In early 2011, Matos began experiencing symptoms of multiple chemical sensitivity, a condition marked by headaches, nausea, and dizziness brought on by exposure to perfumes and other fragrances. Id. 9:11-24, 10:20-11:2. She informed her supervisor and, upon her request, was transferred from a cubical to a private office with a door. Id. 12:5-20. She requested no other accommodations at that time. Id. at 12:21-23. Following construction work on her office building in January and February 2014-during which Matos and the other employees teleworked, Id. 18:9-13-Matos's condition worsened. Id. 18:20-19:16. She reported feeling lightheaded and nauseous and experienced headaches whenever she came into the office. See Pl.'s Opp'n Def.'s MSJ (“Pl.'s Opp'n”) Ex. 5 (emails from Matos describing her symptoms).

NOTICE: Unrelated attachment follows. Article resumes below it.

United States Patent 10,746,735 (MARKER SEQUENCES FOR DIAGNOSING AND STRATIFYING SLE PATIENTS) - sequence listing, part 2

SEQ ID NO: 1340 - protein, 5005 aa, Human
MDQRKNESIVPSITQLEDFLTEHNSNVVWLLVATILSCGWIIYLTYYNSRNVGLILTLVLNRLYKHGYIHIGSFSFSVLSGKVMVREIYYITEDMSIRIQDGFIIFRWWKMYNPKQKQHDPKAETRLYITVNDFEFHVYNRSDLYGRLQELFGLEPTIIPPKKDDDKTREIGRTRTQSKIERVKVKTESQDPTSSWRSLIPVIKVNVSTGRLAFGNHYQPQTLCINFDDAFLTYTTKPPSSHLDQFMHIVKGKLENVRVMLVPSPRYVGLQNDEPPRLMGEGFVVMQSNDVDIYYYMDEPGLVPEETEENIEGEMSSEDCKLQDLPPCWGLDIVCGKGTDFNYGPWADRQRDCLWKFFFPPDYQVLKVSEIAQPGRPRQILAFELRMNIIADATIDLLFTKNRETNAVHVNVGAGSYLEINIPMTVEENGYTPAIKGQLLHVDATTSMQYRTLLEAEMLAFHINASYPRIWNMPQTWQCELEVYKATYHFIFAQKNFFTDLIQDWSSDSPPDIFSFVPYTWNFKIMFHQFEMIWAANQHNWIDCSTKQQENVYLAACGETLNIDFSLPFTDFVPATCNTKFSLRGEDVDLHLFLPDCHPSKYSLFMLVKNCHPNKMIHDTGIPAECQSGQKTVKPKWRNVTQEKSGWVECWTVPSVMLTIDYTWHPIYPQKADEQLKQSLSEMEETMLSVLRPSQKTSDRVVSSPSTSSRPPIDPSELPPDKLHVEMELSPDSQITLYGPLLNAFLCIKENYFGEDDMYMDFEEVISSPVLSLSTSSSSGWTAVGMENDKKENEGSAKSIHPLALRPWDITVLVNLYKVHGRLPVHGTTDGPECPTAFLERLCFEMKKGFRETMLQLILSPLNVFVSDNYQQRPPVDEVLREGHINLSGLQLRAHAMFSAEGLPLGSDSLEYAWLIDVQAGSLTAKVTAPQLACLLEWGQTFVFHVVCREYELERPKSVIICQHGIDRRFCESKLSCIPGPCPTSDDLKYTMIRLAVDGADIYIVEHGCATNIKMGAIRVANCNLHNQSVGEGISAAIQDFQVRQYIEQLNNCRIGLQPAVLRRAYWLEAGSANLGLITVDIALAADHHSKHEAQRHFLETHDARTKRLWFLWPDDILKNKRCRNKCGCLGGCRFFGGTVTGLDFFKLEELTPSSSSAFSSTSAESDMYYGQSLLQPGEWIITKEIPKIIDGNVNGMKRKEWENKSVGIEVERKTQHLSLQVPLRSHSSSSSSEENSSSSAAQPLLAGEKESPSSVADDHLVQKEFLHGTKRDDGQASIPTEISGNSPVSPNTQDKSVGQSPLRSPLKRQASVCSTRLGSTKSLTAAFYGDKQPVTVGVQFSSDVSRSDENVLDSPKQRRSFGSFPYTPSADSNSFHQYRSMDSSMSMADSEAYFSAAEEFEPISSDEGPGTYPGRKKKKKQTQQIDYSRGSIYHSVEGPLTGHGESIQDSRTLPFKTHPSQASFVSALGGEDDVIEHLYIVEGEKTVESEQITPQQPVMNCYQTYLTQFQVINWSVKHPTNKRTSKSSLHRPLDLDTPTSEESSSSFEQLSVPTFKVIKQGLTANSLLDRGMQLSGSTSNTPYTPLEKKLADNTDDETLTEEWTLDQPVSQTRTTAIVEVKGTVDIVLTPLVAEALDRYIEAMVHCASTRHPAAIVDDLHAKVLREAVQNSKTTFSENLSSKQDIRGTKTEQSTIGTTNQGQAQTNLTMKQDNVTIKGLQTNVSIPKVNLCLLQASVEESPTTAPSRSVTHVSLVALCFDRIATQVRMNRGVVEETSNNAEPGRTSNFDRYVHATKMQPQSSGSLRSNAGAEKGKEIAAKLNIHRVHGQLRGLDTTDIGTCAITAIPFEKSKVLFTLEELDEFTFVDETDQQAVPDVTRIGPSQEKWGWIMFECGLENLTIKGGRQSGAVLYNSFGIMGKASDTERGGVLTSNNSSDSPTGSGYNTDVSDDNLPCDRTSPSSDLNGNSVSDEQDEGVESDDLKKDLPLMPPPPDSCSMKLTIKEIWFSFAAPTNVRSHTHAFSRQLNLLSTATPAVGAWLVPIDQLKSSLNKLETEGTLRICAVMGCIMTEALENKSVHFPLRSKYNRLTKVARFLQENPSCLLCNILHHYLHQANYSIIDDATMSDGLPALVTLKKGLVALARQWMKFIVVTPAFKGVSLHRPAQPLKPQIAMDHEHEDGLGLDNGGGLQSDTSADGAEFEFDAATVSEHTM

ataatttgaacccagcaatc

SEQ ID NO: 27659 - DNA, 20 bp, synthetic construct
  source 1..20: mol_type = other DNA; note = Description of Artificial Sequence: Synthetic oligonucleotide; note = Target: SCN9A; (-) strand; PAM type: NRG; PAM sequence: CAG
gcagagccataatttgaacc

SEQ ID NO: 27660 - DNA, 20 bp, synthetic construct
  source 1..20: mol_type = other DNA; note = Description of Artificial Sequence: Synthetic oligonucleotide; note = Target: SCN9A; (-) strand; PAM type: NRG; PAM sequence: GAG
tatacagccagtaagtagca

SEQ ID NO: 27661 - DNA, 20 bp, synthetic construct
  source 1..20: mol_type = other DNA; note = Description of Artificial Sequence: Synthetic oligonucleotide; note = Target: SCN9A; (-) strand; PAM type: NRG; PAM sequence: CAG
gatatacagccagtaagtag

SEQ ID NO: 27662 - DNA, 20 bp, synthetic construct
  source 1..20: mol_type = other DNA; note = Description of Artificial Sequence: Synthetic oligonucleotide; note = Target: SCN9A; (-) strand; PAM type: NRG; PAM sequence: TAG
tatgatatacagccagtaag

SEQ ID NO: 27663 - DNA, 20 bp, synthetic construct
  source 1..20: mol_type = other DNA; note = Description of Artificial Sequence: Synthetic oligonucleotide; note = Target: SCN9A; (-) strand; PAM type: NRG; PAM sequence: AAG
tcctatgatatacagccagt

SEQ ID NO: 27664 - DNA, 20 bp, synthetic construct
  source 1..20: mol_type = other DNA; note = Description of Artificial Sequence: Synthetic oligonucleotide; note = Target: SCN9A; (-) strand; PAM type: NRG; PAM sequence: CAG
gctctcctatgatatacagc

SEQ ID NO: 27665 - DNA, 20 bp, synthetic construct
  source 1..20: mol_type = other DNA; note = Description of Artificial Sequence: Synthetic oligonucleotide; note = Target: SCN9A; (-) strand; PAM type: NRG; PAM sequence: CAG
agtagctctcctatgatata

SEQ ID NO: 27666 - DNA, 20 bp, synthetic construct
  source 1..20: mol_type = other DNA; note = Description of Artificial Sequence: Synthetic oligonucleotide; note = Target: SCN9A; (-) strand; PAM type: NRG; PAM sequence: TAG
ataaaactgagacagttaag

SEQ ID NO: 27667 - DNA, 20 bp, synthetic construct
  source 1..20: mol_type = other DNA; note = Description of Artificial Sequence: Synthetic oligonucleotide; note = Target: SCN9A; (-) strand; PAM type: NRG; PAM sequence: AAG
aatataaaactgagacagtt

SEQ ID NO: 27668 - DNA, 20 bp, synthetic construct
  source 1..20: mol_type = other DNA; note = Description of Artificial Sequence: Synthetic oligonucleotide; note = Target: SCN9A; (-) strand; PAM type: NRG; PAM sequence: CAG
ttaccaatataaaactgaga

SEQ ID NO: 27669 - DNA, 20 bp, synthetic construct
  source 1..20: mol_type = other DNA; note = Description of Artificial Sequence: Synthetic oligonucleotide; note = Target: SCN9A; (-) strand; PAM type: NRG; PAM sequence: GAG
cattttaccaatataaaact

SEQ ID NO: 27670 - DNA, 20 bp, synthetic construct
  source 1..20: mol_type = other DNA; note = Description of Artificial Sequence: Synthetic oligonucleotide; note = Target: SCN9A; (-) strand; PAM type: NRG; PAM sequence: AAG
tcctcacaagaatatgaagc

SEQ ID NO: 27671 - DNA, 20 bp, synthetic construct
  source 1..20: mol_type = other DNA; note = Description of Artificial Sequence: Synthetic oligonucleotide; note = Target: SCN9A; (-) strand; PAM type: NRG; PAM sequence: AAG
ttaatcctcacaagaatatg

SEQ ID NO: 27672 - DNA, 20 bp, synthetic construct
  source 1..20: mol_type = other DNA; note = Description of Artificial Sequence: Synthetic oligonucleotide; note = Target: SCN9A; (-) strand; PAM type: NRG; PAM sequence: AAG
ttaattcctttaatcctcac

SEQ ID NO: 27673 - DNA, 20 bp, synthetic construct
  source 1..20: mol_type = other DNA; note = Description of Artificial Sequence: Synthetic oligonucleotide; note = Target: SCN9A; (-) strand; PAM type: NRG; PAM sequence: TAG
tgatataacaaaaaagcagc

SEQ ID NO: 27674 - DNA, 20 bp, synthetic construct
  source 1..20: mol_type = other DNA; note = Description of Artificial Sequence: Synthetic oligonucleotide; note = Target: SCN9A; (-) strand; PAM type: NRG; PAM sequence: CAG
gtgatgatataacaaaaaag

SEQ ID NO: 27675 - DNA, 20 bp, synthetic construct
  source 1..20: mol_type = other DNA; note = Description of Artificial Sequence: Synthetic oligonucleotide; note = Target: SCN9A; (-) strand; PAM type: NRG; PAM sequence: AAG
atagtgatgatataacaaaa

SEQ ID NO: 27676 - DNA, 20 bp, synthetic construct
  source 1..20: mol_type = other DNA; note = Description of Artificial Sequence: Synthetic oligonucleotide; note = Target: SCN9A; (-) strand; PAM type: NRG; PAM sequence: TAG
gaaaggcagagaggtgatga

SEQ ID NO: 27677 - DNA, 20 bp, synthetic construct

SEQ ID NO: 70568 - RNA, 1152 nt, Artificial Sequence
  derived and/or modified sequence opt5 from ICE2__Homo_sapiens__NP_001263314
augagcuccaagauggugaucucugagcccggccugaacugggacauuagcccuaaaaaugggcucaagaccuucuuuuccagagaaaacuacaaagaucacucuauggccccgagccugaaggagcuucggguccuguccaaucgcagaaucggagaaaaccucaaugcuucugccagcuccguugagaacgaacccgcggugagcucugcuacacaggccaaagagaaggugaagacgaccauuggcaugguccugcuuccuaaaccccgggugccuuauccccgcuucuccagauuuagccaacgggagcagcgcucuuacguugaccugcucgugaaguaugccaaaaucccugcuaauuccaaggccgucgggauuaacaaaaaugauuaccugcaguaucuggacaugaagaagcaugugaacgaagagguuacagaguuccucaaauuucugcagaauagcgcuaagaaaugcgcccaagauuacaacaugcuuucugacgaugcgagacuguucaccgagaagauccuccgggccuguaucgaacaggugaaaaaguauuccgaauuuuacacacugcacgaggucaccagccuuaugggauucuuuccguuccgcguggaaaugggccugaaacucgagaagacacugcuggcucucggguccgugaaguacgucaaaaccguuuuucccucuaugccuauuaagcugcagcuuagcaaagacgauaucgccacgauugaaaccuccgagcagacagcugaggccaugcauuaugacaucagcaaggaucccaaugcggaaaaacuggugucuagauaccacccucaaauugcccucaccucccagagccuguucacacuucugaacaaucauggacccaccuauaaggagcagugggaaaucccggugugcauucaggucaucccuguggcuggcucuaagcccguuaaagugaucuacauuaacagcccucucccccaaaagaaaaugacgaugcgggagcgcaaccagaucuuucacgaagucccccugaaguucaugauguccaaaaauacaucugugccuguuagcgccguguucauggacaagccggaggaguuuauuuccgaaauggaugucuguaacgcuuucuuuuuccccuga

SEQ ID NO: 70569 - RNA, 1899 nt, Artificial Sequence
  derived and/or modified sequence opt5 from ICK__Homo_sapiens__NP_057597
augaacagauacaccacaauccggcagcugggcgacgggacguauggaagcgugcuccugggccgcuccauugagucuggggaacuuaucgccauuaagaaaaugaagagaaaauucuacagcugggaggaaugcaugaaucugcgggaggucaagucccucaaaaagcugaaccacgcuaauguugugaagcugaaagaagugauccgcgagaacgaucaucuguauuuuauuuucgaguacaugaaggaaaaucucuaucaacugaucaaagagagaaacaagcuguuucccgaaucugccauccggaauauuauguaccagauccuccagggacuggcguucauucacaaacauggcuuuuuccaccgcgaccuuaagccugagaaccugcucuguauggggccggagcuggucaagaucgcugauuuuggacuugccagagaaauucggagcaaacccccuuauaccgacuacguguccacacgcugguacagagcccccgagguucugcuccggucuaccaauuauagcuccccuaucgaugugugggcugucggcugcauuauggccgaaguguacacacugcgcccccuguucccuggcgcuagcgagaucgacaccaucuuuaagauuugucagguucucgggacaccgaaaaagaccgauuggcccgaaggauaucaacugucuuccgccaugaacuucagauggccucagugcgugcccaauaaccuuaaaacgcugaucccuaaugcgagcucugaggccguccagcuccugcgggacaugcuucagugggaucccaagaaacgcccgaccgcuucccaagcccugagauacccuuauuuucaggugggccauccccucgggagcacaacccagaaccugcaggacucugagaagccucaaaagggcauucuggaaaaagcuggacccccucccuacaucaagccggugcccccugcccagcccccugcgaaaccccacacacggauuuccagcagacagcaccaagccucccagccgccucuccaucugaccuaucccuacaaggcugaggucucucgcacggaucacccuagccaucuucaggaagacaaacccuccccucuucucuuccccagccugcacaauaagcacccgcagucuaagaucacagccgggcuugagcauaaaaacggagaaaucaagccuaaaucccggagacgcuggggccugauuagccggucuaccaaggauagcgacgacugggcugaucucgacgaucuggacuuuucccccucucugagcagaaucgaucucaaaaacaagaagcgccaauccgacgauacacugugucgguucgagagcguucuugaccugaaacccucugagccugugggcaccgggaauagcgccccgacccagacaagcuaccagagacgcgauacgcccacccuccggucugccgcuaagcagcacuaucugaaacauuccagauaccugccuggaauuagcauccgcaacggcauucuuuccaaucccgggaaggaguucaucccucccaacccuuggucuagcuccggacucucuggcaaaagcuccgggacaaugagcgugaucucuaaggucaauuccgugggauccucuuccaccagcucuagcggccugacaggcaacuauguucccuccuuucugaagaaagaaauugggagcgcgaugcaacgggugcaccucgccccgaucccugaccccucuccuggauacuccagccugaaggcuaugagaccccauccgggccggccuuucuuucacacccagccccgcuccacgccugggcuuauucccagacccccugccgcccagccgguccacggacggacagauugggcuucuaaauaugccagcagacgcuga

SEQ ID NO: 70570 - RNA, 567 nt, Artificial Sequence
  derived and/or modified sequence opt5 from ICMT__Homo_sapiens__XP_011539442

On March 26, 2014, Matos submitted a formal request for an accommodation related to her condition. Def.'s MSJ Ex. 9 (March 26, 2014 accommodation request). (The Court apologizes for all the dates; as will be apparent later, they are relevant to Matos's claims and hopefully will aid in any appellate review.) In it, Matos requested that she be assigned a 100% telework schedule. Id. The Department referred Matos's request to the Federal Occupational Health service (“FOH”), an agency within the government that provides job-related health services for federal employees. Def.'s MSJ Ex. 14. While FOH evaluated the request, the Department sent Matos letters updating her on its status and permitted her to telework as much as her job duties allowed. See Def.'s MSJ Ex. 16 (May 5, 2014 letter); Id. Ex. 18 (June 18, 2014 letter); id Ex. 19 (June 26, 2014 letter); Id. Ex. 20 (July 3, 2014 letter); see also Matos Dep. 27:21-28:4 (testifying that she was allowed to telework until June or July 2014); Def.'s MSJ Ex. 7, at 321, 325 (Wilbanks EEO Affidavit) (discussing Matos teleworking). However, as Matos's supervisor Wilbanks explained, some of Matos's job duties, such as training the employees she supervised or attending staff meetings, required her physical presence in the office. See Def.'s MSJ Ex. 15 (April 8, 2014 email).[2]